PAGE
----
10 Questions to Ask Before You Refinance Your Home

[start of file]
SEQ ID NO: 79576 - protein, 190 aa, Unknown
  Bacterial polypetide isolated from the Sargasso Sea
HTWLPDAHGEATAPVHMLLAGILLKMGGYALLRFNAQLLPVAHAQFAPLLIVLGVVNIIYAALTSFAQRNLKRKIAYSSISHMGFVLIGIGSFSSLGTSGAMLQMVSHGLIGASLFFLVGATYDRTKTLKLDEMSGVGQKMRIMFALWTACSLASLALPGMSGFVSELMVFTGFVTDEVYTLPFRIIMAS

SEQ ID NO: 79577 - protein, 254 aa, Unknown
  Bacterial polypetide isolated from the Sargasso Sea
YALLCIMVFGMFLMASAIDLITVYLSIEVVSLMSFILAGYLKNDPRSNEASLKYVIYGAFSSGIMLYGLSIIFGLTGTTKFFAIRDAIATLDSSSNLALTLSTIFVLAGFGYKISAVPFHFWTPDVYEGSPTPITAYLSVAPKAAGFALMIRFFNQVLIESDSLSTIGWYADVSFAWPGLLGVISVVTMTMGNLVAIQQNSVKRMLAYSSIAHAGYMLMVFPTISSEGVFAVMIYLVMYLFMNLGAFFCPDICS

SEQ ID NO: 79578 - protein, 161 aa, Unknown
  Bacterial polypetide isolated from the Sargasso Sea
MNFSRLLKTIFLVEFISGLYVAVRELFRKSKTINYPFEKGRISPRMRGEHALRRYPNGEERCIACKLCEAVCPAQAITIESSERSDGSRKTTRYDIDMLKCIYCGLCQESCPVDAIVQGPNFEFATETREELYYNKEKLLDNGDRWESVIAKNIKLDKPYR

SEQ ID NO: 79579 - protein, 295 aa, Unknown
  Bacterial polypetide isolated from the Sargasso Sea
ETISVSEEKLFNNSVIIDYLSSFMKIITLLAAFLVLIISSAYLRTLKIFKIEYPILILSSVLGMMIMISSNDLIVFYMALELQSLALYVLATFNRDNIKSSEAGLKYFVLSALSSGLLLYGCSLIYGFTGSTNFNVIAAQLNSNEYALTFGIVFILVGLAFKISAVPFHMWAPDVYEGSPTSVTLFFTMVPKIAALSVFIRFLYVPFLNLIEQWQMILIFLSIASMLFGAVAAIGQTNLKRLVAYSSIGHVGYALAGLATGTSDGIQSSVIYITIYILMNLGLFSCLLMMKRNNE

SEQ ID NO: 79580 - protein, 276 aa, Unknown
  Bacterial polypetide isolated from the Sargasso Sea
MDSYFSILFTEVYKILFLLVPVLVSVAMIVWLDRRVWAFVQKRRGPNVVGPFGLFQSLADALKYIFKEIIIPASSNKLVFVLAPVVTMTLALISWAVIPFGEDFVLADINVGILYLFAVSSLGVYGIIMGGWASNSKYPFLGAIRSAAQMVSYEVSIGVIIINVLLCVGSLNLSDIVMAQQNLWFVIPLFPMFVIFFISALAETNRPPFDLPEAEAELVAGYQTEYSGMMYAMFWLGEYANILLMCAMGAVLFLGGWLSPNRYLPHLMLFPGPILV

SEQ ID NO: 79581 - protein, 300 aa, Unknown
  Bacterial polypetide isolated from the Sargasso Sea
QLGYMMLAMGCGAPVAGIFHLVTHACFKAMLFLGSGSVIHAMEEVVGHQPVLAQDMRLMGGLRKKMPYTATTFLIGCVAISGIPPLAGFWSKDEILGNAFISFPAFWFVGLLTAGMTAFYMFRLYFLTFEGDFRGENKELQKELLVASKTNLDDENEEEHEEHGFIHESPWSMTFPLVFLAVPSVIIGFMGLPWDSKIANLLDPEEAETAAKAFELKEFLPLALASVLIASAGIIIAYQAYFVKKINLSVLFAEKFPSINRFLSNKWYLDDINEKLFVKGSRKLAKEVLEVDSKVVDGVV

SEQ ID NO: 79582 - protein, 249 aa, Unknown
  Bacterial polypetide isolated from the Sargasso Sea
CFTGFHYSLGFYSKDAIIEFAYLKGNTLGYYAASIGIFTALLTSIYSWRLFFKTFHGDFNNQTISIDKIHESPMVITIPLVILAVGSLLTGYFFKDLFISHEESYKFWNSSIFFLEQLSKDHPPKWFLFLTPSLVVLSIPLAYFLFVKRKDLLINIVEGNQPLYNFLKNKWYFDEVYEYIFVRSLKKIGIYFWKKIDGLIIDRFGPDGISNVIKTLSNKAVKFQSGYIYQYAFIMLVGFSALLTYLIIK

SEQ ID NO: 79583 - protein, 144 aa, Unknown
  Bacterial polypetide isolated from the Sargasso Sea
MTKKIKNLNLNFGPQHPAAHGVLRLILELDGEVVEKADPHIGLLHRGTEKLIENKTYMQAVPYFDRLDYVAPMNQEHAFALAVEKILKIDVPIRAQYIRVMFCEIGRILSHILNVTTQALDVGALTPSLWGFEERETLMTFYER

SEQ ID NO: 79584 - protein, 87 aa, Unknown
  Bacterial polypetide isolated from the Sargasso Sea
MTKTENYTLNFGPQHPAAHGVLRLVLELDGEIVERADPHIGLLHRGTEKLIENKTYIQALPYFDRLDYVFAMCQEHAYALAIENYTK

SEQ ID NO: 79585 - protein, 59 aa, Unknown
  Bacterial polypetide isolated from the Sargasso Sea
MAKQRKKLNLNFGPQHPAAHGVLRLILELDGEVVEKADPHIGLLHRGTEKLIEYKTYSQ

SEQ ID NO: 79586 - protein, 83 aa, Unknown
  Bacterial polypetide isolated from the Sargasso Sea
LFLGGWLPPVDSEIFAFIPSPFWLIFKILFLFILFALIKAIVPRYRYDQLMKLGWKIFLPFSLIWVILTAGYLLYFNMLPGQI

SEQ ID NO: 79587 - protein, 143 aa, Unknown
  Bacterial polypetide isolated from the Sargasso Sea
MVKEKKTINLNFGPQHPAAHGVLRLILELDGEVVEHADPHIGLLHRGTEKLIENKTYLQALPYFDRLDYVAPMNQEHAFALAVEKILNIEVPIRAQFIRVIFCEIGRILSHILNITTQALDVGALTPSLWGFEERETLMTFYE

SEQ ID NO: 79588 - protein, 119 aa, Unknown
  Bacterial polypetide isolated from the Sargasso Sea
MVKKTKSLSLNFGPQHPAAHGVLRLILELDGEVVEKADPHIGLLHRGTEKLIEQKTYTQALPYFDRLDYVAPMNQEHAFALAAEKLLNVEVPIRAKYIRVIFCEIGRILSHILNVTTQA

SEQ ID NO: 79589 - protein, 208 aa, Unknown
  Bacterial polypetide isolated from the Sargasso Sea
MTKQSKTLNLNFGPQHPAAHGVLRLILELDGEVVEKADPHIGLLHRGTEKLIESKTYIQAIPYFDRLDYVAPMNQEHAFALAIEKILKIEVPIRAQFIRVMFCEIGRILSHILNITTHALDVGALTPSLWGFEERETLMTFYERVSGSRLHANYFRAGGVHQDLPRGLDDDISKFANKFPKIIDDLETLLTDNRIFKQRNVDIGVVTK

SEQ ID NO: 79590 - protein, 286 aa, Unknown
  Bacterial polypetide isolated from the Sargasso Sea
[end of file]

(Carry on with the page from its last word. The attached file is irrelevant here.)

Drastic changes in finance may make this an idea time to consider refinancing your home. Statistics show that many people are locked into mortgages that aren’t a good fit for their personal economic situation. But before jumping into the first refinancing offer you receive, there are ten factors you need to consider.Are you responding to a “stranger’s” offer to refinance your mortgage. There are a lot of mortgage brokers out there looking to profit off the current trend toward refinancing, and not all of them are reputable. Just because one company sent you an offer to refinance that doesn’t mean you have to refinance with that company. Check out your options. How long has the company been in business? Do they have any unresolved complaints with the Better Business Bureau or local regulatory agencies?If you’re looking to take out equity, what do you plan to use the money for? Using equity for bill consolidation can minimize some financial stress-as long as you don’t turn around and max out those paid-off credit cards and end up in worse shape than ever.If your current loan is with your local bank, you may want to check into refinancing with them. While no banker will let you slide indefinitely in the event of a problem, a local bank that knows you may be better able to work with you in the event of a future problem.What are the upfront costs of refinancing? While the lender may offer programs that don’t require you to pay anything out of pocket, the closing statement may reflect costs that are deducted from your share of any equity.What are the long-term costs? Chances are, if your monthly payment is lower, your total cost will be higher.What changes are being made to financial terms? Most people want to get rid of uncertain Adjustable Rate Mortgages and balloon payments, but you want to keep the option of prepayment without penalty.If refinancing includes a second mortgage, will you be able to afford both payments?What other terms are changing? Does the lender require additional insurance or other escrow payments?Will refinancing improve your debt to income ratio? If so, refinancing can help your credit score.Finally, what other options are available, and how do they compare? (For example, if you’re considering refinancing to pay off a large medical bill, would you save money by negotiating a separate payment plan or lump sum settlement for the bill?)By considering these questions, you can know if the time is really right for you to refinance.